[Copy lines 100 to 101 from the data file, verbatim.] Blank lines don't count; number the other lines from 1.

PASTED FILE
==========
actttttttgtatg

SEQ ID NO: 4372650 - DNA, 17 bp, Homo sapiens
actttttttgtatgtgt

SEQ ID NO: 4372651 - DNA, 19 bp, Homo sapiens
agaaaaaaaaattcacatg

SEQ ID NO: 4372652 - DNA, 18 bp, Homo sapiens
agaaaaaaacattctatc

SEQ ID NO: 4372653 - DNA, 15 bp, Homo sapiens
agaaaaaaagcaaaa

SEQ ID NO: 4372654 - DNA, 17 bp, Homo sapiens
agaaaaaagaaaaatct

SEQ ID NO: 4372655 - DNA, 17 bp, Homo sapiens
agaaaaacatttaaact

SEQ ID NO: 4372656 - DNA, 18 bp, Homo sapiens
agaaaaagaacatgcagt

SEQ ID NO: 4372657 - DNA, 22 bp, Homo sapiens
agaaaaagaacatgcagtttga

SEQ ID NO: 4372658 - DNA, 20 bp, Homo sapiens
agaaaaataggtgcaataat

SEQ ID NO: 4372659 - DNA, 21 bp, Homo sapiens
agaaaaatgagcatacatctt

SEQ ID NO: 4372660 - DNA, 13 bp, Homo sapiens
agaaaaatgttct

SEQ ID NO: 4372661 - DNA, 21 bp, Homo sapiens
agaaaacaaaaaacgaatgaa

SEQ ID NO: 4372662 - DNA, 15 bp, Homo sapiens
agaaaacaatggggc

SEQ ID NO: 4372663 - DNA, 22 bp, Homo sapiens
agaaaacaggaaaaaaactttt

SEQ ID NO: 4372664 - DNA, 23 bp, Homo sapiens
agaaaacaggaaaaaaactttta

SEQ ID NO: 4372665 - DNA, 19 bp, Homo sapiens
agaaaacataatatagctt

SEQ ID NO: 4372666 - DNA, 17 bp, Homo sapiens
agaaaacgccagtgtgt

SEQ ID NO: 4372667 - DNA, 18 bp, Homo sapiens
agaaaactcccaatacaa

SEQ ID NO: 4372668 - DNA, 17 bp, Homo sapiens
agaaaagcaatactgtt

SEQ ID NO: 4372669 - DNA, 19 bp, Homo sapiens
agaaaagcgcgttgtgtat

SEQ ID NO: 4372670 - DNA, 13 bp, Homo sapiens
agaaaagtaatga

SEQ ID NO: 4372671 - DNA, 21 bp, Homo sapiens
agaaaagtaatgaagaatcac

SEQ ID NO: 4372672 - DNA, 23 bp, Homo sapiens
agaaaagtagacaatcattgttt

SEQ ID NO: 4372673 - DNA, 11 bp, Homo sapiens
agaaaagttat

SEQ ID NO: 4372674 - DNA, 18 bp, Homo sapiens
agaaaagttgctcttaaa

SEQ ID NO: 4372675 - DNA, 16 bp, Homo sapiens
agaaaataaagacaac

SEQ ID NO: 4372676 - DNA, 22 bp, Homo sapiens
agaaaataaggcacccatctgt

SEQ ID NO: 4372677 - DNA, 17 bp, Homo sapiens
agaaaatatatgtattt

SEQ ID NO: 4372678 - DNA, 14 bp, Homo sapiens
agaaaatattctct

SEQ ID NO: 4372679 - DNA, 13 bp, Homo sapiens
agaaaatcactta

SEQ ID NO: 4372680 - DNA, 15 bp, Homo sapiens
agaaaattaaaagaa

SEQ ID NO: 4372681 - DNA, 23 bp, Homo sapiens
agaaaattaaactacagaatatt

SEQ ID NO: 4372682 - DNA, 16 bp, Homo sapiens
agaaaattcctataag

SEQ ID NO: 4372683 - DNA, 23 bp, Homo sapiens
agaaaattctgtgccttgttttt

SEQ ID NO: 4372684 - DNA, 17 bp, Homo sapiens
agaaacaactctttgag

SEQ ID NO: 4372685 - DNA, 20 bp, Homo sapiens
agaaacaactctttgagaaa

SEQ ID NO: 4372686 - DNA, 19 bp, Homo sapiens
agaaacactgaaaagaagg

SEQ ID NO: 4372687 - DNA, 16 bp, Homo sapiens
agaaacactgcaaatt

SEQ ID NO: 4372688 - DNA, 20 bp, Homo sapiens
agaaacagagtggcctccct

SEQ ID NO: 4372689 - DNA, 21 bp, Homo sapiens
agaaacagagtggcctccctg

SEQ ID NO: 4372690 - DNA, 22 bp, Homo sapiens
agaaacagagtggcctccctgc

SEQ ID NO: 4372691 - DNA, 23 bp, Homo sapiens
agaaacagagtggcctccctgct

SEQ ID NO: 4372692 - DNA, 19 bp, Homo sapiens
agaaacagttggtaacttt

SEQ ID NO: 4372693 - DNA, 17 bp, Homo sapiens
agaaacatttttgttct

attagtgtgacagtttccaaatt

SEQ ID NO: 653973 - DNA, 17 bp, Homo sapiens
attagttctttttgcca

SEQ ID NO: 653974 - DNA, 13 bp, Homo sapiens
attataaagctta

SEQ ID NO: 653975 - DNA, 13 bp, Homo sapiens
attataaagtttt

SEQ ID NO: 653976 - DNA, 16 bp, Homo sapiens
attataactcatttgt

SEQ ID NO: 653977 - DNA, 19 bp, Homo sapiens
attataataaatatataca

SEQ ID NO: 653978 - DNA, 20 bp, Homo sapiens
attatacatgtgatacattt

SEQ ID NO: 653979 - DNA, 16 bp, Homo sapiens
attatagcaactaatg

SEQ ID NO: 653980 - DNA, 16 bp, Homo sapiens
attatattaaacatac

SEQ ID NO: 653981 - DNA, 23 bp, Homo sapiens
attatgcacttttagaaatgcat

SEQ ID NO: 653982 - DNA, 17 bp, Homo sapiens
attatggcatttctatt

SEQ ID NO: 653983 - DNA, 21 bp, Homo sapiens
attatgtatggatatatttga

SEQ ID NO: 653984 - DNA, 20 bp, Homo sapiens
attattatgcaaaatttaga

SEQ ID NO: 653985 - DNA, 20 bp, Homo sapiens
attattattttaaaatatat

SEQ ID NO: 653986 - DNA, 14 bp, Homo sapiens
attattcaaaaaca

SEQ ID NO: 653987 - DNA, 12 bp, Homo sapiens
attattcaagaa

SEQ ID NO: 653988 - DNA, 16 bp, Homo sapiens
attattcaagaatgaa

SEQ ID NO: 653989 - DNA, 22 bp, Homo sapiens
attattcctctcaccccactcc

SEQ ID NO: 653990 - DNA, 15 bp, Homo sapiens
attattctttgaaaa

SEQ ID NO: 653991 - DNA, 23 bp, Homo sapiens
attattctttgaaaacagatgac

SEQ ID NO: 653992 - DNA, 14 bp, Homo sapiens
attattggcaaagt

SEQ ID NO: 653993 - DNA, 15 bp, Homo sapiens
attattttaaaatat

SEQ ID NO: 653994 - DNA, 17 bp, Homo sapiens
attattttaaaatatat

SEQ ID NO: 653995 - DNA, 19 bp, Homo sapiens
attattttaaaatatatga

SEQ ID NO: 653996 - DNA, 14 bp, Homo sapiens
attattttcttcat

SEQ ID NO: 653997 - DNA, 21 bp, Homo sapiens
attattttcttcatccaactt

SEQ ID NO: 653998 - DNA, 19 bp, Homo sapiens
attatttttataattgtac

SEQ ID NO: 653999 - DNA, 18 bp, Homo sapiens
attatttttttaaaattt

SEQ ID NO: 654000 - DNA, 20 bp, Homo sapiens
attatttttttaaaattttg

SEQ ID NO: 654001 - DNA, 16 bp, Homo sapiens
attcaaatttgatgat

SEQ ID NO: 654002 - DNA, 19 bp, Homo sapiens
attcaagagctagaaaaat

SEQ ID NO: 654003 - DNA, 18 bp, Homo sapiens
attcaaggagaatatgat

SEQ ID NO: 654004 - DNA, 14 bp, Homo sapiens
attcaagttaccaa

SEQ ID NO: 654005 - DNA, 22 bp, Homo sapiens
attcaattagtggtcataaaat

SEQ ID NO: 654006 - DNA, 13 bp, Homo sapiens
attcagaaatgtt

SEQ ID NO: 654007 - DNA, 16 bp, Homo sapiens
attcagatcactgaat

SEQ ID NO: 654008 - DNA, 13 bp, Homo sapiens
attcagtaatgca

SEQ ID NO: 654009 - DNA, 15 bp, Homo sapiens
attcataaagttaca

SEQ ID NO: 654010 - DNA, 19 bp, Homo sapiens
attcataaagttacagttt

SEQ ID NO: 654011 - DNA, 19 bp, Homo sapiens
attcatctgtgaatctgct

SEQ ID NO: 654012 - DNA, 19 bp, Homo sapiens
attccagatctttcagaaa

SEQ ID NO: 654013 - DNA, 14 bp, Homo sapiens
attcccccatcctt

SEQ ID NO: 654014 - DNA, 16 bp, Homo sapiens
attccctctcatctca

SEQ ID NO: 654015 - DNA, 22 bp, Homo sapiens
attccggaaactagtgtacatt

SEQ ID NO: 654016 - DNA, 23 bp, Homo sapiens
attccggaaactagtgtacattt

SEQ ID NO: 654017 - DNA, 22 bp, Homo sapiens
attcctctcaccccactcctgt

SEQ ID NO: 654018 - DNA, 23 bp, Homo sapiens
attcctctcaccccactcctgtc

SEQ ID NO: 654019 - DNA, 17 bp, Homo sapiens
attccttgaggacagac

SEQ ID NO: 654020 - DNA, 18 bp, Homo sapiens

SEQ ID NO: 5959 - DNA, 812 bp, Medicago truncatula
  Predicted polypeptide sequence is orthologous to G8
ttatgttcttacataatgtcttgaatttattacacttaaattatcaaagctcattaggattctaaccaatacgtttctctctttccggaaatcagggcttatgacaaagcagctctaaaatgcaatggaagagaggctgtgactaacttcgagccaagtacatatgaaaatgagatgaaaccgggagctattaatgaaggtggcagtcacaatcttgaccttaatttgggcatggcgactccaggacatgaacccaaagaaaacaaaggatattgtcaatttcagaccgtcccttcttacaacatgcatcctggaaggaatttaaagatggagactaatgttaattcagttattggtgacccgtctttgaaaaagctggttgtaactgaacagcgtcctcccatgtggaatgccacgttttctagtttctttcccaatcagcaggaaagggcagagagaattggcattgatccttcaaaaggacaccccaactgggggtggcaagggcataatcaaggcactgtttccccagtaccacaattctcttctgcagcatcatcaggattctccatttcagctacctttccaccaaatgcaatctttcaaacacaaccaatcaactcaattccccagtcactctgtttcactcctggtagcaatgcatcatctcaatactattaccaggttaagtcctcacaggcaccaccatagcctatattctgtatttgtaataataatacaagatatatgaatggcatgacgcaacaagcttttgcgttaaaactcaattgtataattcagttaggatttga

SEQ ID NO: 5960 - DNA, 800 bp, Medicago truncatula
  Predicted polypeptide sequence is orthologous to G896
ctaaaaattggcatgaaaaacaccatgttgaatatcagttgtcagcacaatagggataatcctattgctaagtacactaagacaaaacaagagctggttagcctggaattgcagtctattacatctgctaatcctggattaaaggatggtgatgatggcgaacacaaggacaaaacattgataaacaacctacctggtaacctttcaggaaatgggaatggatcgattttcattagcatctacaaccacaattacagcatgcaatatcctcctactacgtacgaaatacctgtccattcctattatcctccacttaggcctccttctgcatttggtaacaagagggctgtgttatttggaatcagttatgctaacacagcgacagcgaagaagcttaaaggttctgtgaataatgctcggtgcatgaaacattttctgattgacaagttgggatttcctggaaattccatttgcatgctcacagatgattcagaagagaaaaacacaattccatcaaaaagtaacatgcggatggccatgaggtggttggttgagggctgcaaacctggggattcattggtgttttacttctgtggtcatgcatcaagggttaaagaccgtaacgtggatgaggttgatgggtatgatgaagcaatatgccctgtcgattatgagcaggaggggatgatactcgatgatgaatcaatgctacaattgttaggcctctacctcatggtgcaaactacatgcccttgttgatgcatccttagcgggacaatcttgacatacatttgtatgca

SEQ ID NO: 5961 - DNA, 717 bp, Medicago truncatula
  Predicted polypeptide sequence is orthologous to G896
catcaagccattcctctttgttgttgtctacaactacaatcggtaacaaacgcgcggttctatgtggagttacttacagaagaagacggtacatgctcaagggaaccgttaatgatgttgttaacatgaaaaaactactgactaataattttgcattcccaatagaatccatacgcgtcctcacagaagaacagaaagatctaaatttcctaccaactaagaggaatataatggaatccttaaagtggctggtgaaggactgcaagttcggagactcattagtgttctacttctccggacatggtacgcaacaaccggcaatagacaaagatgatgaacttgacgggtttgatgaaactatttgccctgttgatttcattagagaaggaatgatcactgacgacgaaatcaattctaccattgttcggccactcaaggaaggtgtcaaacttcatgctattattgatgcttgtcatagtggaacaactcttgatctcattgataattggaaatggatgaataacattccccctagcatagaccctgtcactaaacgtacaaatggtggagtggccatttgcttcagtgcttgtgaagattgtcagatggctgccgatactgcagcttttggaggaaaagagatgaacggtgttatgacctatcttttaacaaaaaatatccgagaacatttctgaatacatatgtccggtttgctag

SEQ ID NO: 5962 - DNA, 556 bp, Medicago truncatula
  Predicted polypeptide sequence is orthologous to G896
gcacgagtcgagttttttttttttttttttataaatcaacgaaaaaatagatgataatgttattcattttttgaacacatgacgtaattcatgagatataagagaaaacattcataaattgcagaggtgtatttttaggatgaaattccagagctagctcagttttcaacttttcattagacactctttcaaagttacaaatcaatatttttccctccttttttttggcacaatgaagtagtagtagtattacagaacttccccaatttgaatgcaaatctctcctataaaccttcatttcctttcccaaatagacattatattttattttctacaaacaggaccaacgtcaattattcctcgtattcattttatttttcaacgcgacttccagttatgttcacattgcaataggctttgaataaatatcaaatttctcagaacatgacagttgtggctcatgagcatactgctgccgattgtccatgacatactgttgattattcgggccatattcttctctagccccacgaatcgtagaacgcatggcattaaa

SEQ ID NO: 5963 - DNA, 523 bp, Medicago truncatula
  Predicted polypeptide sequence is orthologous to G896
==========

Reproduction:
attataataaatatataca

SEQ ID NO: 653978 - DNA, 20 bp, Homo sapiens